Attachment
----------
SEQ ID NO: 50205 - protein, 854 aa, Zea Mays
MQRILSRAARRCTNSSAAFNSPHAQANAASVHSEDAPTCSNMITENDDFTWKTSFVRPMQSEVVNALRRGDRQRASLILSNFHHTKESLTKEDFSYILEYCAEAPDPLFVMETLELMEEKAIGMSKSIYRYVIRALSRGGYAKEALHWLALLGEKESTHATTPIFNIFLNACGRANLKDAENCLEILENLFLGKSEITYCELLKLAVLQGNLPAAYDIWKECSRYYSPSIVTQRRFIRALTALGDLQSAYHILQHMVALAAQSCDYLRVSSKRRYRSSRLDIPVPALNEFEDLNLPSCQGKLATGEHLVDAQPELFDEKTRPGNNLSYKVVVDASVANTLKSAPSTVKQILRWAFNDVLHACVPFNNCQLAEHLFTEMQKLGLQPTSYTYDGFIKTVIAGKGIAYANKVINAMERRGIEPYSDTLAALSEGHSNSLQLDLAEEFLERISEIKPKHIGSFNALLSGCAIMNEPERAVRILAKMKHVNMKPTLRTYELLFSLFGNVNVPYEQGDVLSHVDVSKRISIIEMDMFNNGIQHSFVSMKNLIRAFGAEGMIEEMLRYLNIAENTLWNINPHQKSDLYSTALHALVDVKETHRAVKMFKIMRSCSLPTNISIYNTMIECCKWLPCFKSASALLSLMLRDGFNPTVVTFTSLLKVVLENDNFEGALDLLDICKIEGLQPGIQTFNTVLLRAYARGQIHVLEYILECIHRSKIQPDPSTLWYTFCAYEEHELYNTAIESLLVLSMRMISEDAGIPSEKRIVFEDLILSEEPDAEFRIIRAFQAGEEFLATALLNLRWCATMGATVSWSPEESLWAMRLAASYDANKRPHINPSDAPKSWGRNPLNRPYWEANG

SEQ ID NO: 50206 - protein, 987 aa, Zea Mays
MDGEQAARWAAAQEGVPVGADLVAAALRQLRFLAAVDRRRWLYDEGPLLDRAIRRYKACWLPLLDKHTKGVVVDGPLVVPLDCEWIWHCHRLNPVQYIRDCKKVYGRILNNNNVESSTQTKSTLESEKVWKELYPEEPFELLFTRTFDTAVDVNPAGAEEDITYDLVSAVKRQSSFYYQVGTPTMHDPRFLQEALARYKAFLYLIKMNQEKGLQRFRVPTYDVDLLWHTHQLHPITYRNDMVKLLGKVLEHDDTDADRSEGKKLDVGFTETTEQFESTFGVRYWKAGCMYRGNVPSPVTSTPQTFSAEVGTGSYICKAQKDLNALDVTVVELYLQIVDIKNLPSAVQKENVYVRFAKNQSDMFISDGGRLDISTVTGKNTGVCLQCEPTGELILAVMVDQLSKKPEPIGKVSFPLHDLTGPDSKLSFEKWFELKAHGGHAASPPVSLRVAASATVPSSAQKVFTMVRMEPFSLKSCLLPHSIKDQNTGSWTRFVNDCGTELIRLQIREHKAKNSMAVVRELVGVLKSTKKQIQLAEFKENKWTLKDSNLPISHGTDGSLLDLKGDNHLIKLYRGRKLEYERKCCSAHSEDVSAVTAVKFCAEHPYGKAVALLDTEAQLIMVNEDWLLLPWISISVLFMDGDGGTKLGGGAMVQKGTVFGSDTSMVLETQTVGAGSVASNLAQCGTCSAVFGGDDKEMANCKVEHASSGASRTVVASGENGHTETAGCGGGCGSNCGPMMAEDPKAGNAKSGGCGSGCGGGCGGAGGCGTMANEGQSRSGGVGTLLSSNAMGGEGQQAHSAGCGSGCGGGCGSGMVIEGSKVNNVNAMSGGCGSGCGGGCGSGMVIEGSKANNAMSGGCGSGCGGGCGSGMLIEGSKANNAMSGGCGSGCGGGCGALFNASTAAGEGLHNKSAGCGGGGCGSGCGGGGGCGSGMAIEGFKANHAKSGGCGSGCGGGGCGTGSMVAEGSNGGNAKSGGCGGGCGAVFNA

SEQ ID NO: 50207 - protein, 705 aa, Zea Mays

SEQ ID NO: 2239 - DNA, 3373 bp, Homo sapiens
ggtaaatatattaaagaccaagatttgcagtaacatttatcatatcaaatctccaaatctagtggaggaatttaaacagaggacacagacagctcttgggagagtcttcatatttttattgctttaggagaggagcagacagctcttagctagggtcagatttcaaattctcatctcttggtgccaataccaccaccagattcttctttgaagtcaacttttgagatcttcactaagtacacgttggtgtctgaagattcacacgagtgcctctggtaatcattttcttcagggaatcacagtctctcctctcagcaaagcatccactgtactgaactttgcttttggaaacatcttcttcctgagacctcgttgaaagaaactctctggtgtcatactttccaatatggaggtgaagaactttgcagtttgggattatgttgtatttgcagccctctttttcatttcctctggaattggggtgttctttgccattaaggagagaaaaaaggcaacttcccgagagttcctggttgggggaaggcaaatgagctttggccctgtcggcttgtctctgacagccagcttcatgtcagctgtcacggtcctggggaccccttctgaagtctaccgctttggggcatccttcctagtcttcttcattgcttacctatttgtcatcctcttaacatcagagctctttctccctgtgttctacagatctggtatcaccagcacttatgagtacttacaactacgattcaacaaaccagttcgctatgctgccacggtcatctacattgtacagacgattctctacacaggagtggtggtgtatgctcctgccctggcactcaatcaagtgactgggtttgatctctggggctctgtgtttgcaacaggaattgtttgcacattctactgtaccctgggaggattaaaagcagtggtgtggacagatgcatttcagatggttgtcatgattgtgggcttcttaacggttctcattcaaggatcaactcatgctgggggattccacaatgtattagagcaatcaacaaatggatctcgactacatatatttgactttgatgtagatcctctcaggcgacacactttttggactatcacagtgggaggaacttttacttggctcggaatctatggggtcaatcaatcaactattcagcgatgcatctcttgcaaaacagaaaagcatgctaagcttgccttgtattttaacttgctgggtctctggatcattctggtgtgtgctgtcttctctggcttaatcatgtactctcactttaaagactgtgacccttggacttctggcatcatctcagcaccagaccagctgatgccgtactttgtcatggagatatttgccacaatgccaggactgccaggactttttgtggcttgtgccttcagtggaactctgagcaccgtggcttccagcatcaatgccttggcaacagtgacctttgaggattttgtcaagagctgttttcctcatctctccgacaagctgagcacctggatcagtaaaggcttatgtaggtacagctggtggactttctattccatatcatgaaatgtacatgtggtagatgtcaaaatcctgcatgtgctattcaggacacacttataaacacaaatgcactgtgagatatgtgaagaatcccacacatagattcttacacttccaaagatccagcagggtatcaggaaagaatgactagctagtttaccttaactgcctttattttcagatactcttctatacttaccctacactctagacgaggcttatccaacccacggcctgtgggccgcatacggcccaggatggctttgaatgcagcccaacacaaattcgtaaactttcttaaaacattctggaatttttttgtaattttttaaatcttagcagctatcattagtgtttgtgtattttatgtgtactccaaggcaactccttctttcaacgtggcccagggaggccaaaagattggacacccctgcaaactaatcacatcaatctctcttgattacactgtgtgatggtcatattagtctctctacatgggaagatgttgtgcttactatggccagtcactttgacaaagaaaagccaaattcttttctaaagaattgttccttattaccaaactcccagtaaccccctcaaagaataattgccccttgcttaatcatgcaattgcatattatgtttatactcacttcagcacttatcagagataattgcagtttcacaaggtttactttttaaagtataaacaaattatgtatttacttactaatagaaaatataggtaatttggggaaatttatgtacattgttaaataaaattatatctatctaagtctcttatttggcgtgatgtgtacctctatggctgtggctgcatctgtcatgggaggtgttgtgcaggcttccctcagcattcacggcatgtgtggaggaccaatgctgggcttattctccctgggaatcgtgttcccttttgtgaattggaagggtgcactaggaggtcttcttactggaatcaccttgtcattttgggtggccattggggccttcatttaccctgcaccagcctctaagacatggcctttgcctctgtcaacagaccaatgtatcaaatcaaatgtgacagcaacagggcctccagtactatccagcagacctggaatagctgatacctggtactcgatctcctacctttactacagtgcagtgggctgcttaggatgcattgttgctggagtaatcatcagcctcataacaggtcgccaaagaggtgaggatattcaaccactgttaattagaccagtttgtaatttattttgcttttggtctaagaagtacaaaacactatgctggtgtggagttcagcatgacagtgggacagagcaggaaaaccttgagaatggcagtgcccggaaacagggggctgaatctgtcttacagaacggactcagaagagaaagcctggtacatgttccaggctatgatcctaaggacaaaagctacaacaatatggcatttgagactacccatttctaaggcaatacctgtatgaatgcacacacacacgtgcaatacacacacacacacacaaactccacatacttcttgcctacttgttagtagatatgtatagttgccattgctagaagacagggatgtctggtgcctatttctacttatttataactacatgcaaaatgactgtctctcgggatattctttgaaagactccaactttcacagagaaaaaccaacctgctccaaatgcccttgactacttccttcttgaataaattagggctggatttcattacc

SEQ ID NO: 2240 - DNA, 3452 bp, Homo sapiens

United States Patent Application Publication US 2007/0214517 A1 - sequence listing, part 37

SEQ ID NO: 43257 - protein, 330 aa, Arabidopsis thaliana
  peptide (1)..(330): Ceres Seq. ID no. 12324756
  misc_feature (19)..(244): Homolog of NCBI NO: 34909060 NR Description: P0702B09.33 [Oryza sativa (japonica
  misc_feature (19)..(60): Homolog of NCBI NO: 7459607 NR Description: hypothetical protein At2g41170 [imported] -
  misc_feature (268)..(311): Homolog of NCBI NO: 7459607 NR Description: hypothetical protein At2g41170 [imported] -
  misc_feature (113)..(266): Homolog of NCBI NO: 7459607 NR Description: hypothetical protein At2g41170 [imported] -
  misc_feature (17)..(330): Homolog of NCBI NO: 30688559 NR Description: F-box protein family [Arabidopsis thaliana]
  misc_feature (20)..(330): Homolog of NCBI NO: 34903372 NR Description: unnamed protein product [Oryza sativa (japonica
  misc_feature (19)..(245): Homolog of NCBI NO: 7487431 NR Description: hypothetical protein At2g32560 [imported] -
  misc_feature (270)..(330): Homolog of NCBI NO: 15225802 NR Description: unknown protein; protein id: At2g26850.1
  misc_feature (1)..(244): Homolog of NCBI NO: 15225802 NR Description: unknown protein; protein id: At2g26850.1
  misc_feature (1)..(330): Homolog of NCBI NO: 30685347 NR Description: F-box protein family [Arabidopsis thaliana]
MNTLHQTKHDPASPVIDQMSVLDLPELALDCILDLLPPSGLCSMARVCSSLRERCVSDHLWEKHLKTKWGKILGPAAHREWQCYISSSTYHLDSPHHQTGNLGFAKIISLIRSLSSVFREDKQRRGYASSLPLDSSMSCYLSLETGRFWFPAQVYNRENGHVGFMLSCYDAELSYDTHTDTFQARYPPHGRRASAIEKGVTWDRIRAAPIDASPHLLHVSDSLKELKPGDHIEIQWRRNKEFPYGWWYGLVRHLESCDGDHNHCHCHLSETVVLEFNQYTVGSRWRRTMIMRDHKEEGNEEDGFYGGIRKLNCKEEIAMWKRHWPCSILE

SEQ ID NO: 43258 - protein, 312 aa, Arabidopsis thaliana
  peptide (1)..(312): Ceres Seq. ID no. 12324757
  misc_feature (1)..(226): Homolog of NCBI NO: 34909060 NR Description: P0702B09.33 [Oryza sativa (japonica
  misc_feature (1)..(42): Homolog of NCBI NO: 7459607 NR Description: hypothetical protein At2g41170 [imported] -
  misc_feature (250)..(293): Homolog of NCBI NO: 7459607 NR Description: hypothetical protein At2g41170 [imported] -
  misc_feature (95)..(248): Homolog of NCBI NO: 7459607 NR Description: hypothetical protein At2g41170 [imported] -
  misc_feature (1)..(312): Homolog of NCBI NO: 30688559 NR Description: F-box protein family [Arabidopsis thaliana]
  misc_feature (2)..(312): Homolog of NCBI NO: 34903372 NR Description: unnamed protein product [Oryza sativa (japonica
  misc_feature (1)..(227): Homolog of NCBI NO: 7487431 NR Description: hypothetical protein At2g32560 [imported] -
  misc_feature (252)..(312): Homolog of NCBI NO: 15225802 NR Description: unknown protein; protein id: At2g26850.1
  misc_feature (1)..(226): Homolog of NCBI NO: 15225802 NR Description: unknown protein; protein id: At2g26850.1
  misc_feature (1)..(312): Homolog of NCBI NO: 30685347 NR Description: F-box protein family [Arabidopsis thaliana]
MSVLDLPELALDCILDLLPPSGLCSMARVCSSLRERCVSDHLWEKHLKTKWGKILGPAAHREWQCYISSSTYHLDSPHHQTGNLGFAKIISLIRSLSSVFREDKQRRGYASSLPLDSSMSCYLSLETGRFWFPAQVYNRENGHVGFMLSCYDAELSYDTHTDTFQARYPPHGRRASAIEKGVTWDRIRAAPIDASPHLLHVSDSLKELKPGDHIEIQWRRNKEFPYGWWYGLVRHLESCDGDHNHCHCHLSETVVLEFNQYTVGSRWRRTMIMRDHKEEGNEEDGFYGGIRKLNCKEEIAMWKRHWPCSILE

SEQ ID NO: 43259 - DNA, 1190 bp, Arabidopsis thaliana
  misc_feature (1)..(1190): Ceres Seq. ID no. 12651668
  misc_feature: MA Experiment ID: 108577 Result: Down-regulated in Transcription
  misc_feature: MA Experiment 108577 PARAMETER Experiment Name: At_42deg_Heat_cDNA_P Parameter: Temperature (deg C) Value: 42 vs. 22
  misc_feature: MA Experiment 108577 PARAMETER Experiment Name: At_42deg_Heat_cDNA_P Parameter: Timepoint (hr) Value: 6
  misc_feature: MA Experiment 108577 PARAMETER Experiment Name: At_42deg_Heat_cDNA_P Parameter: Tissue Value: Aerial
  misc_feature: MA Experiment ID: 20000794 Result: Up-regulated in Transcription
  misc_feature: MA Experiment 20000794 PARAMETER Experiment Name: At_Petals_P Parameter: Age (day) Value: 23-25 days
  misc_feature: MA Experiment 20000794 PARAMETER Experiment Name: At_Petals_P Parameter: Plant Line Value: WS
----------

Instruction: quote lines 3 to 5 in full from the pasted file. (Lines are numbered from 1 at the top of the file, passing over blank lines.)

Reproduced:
SEQ ID NO: 50206 - protein, 987 aa, Zea Mays
MDGEQAARWAAAQEGVPVGADLVAAALRQLRFLAAVDRRRWLYDEGPLLDRAIRRYKACWLPLLDKHTKGVVVDGPLVVPLDCEWIWHCHRLNPVQYIRDCKKVYGRILNNNNVESSTQTKSTLESEKVWKELYPEEPFELLFTRTFDTAVDVNPAGAEEDITYDLVSAVKRQSSFYYQVGTPTMHDPRFLQEALARYKAFLYLIKMNQEKGLQRFRVPTYDVDLLWHTHQLHPITYRNDMVKLLGKVLEHDDTDADRSEGKKLDVGFTETTEQFESTFGVRYWKAGCMYRGNVPSPVTSTPQTFSAEVGTGSYICKAQKDLNALDVTVVELYLQIVDIKNLPSAVQKENVYVRFAKNQSDMFISDGGRLDISTVTGKNTGVCLQCEPTGELILAVMVDQLSKKPEPIGKVSFPLHDLTGPDSKLSFEKWFELKAHGGHAASPPVSLRVAASATVPSSAQKVFTMVRMEPFSLKSCLLPHSIKDQNTGSWTRFVNDCGTELIRLQIREHKAKNSMAVVRELVGVLKSTKKQIQLAEFKENKWTLKDSNLPISHGTDGSLLDLKGDNHLIKLYRGRKLEYERKCCSAHSEDVSAVTAVKFCAEHPYGKAVALLDTEAQLIMVNEDWLLLPWISISVLFMDGDGGTKLGGGAMVQKGTVFGSDTSMVLETQTVGAGSVASNLAQCGTCSAVFGGDDKEMANCKVEHASSGASRTVVASGENGHTETAGCGGGCGSNCGPMMAEDPKAGNAKSGGCGSGCGGGCGGAGGCGTMANEGQSRSGGVGTLLSSNAMGGEGQQAHSAGCGSGCGGGCGSGMVIEGSKVNNVNAMSGGCGSGCGGGCGSGMVIEGSKANNAMSGGCGSGCGGGCGSGMLIEGSKANNAMSGGCGSGCGGGCGALFNASTAAGEGLHNKSAGCGGGGCGSGCGGGGGCGSGMAIEGFKANHAKSGGCGSGCGGGGCGTGSMVAEGSNGGNAKSGGCGGGCGAVFNA

SEQ ID NO: 50207 - protein, 705 aa, Zea Mays